In the above code, we would like to at least see Tweets, even if we have a problem fetching user details. Unfortunately, an exception on getFollowersNumber brakes async, which brakes the whole scope and ends the program. Instead, we would prefer a function that just throws an exception if it occurs. Time to introduce our hero: coroutineScope.

coroutineScope

coroutineScope is a suspending function that starts a scope. It returns the value produced by the argument function.

suspend fun <R> coroutineScope( block: suspend CoroutineScope.() -> R ): R

Unlike async or launch, the body of coroutineScope is called in-place. It formally creates a new coroutine, but it suspends the previous one until the new one is finished, so it does not start any concurrent process. Take a look at the below example, in which both delay calls suspend runBlocking.

import kotlinx.coroutines.coroutineScope import kotlinx.coroutines.delay import kotlinx.coroutines.runBlocking //sampleStart fun main() = runBlocking { val a = coroutineScope { delay(1000) 10 } println("a is calculated") val b = coroutineScope { delay(1000) 20 } println(a) // 10 println(b) // 20 } // (1 sec) // a is calculated // (1 sec) // 10 // 20 //sampleEnd

The provided scope inherits its coroutineContext from the outer scope, but it overrides the context's Job. Thus, the produced scope respects its parental responsibilities:

  • inherits a context from its parent;
  • waits for all its children before it can finish itself;
  • cancels all its children when the parent is cancelled.

In the example below, you can observe that "After" will be printed at the end because coroutineScope will not finish until all its children are finished. Also, CoroutineName is properly passed from parent to child.

import kotlinx.coroutines.* //sampleStart suspend fun longTask() = coroutineScope { launch { delay(1000) val name = coroutineContext[CoroutineName]?.name println("[$name] Finished task 1") } launch { delay(2000) val name = coroutineContext[CoroutineName]?.name println("[$name] Finished task 2") } } fun main() = runBlocking(CoroutineName("Parent")) { println("Before") longTask() println("After") } // Before // (1 sec) // [Parent] Finished task 1 // (1 sec) // [Parent] Finished task 2 // After //sampleEnd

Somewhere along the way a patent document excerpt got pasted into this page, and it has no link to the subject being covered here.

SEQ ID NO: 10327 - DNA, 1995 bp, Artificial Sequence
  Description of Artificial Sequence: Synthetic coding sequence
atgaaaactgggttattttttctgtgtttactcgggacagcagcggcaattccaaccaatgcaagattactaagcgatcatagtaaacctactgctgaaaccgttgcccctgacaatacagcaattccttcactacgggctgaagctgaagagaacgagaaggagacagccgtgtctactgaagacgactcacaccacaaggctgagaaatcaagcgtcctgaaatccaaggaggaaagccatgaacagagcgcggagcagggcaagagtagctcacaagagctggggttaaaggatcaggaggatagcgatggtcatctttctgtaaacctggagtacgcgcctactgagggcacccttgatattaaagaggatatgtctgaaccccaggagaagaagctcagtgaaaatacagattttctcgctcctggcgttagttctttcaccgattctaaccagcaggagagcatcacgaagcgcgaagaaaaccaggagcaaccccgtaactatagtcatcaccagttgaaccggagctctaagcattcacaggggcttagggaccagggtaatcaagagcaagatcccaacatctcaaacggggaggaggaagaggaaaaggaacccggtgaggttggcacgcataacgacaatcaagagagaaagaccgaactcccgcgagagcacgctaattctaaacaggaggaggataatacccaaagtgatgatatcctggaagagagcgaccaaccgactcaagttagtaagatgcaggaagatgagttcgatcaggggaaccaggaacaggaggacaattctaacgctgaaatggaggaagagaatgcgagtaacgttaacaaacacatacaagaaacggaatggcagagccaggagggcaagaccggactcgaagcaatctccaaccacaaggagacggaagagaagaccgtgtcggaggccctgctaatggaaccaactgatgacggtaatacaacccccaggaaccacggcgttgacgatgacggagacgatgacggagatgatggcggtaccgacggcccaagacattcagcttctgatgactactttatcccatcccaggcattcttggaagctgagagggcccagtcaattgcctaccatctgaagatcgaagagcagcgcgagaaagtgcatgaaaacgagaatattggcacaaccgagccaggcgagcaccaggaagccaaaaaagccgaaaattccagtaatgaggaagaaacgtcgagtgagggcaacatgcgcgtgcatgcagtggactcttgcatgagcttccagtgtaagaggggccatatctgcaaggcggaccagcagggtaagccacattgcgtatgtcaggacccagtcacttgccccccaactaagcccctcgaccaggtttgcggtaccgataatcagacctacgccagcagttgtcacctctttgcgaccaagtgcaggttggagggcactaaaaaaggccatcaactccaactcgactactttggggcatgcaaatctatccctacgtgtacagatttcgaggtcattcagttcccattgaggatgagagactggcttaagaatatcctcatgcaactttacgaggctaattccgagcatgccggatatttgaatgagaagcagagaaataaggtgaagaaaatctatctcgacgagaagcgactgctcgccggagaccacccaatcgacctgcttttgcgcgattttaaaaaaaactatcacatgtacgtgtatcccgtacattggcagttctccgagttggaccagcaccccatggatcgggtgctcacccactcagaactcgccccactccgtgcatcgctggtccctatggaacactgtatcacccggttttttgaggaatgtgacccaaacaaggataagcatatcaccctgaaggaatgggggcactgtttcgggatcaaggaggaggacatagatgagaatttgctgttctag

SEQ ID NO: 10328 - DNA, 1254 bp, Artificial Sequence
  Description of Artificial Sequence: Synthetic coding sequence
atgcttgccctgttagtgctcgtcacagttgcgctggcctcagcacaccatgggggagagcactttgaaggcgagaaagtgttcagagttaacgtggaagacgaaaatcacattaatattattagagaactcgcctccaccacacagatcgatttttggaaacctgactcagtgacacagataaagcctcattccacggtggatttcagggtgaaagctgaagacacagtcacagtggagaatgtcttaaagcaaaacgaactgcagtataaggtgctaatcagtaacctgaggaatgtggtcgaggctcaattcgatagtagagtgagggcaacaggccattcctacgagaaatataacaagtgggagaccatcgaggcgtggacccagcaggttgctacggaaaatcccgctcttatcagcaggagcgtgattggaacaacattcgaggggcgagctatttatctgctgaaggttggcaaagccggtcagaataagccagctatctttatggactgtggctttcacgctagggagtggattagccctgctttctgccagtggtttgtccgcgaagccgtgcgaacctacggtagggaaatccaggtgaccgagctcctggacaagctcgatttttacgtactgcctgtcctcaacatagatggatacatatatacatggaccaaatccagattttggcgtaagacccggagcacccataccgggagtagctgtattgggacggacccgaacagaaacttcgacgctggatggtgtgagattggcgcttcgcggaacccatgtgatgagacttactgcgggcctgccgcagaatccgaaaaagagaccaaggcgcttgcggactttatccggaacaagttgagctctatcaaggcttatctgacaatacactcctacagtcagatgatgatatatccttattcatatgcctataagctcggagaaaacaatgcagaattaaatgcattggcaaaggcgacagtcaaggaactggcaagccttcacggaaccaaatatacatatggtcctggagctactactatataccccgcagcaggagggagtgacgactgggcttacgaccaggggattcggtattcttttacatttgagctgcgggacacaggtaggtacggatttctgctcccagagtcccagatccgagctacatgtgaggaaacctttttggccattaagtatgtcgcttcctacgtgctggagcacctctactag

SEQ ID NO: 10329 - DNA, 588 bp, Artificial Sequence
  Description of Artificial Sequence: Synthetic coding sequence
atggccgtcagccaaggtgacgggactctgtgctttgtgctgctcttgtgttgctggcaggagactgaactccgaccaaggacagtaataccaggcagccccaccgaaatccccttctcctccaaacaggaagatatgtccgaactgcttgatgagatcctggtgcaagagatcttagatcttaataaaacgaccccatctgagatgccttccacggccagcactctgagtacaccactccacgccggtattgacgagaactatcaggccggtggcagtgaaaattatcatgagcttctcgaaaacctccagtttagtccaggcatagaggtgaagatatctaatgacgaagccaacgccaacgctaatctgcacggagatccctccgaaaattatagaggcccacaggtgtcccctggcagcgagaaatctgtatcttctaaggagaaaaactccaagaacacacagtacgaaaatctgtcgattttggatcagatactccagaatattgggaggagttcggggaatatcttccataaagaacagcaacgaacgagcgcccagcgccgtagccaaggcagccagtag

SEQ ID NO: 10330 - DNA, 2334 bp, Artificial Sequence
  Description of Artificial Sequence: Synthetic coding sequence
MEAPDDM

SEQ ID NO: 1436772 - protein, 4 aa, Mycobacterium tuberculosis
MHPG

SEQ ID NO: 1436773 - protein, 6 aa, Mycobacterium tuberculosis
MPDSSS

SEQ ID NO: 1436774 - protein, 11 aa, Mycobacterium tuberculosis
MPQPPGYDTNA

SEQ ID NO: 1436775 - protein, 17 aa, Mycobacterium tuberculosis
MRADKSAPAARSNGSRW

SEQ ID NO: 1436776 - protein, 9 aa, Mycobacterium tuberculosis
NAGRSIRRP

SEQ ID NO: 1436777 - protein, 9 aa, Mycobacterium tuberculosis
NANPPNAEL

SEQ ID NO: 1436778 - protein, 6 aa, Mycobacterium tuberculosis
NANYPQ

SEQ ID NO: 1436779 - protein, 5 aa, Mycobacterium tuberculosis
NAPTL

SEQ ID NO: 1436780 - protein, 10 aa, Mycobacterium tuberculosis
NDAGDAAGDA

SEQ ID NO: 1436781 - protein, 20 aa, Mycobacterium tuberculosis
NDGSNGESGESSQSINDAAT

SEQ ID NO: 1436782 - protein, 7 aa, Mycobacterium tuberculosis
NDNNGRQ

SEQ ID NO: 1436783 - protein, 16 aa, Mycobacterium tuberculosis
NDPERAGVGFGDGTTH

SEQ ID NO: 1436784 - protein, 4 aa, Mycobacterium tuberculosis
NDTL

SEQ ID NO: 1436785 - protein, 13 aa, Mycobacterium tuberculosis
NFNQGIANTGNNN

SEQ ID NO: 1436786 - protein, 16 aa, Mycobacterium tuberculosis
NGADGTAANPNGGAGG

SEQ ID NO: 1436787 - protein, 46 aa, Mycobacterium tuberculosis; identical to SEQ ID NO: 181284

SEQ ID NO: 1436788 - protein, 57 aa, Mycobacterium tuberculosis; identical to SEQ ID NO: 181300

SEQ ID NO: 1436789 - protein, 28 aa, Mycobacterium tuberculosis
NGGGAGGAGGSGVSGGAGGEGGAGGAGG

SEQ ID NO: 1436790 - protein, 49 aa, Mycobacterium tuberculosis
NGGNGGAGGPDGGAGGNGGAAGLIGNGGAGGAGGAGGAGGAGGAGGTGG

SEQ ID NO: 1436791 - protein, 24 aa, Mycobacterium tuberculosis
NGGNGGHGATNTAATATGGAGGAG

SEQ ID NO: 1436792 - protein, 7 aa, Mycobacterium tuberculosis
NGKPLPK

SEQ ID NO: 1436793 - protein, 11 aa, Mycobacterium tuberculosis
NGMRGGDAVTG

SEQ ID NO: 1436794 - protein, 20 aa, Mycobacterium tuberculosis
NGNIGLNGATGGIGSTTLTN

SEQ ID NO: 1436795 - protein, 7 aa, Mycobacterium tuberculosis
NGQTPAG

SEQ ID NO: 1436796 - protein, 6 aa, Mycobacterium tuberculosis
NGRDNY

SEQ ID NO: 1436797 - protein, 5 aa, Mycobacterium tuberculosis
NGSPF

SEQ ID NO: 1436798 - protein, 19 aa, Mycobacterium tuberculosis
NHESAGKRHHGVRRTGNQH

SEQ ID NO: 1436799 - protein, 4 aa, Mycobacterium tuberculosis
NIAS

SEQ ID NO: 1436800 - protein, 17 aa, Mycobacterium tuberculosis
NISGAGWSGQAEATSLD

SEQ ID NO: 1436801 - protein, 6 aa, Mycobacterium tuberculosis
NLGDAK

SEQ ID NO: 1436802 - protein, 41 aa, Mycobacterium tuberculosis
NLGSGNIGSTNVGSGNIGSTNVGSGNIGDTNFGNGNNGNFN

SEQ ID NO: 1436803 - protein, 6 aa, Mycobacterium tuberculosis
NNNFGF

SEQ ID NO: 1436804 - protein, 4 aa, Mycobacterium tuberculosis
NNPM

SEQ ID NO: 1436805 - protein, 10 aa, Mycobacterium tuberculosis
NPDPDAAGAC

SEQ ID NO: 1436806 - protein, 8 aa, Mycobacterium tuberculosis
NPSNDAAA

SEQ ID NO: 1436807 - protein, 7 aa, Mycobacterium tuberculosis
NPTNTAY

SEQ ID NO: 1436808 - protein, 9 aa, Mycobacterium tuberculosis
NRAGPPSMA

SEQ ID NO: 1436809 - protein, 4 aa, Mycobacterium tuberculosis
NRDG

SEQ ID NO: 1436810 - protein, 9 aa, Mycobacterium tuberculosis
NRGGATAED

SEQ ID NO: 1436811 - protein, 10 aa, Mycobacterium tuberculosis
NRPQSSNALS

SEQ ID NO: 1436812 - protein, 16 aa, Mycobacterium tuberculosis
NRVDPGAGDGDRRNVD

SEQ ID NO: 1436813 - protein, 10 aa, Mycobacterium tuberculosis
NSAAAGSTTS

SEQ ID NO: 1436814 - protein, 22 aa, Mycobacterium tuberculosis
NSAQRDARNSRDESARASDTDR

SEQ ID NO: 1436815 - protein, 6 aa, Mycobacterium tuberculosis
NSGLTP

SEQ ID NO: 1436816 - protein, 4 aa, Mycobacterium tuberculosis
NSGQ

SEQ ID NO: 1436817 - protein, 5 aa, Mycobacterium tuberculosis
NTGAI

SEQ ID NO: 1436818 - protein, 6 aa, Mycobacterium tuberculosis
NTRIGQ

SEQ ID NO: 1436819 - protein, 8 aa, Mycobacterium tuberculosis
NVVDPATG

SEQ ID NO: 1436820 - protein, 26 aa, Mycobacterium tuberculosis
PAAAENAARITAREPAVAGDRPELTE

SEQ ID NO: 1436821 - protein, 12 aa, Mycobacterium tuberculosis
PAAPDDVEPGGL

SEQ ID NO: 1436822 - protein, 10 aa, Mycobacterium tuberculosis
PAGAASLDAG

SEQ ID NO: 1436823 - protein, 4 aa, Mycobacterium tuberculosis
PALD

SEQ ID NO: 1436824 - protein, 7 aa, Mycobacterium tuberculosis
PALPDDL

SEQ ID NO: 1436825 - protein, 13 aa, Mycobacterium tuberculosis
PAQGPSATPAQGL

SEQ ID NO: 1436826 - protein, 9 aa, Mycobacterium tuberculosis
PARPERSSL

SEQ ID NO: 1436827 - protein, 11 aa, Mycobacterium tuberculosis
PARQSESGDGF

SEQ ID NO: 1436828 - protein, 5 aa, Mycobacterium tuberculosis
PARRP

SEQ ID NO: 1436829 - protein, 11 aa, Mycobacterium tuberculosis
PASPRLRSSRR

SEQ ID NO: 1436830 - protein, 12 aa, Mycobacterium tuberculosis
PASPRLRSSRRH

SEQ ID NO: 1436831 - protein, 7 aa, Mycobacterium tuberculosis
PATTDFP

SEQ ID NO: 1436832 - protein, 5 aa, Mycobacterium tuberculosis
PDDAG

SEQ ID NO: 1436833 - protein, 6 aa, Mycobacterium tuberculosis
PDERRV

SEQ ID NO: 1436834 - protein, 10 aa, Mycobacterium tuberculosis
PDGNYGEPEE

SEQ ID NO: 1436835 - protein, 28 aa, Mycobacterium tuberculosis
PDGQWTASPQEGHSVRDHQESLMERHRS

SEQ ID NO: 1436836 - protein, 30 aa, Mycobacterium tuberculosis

In the next snippet, you can observe how cancellation works. A cancelled parent leads to the cancellation of unfinished children.

import kotlinx.coroutines.* //sampleStart suspend fun longTask() = coroutineScope { launch { delay(1000) val name = coroutineContext[CoroutineName]?.name println("[$name] Finished task 1") } launch { delay(2000) val name = coroutineContext[CoroutineName]?.name println("[$name] Finished task 2") } } fun main(): Unit = runBlocking { val job = launch(CoroutineName("Parent")) { longTask() } delay(1500) job.cancel() } // [Parent] Finished task 1 //sampleEnd

Unlike coroutine builders, if there is an exception in coroutineScope or any of its children, it cancels all other children and rethrows it. This is why using coroutineScope would fix our previous "Twitter example". To show that the same exception is rethrown, I changed a generic Error into a concrete ApiException.

import kotlinx.coroutines.* //sampleStart data class Details(val name: String, val followers: Int) data class Tweet(val text: String) class ApiException( val code: Int, message: String ) : Throwable(message) fun getFollowersNumber(): Int = throw ApiException(500, "Service unavailable") suspend fun getUserName(): String { delay(500) return "marcinmoskala" } suspend fun getTweets(): List<Tweet> { return listOf(Tweet("Hello, world")) } suspend fun getUserDetails(): Details = coroutineScope { val userName = async { getUserName() } val followersNumber = async { getFollowersNumber() } Details(userName.await(), followersNumber.await()) } fun main() = runBlocking<Unit> { val details = try { getUserDetails() } catch (e: ApiException) { null } val tweets = async { getTweets() } println("User: $details") println("Tweets: ${tweets.await()}") } // User: null // Tweets: [Tweet(text=Hello, world)] //sampleEnd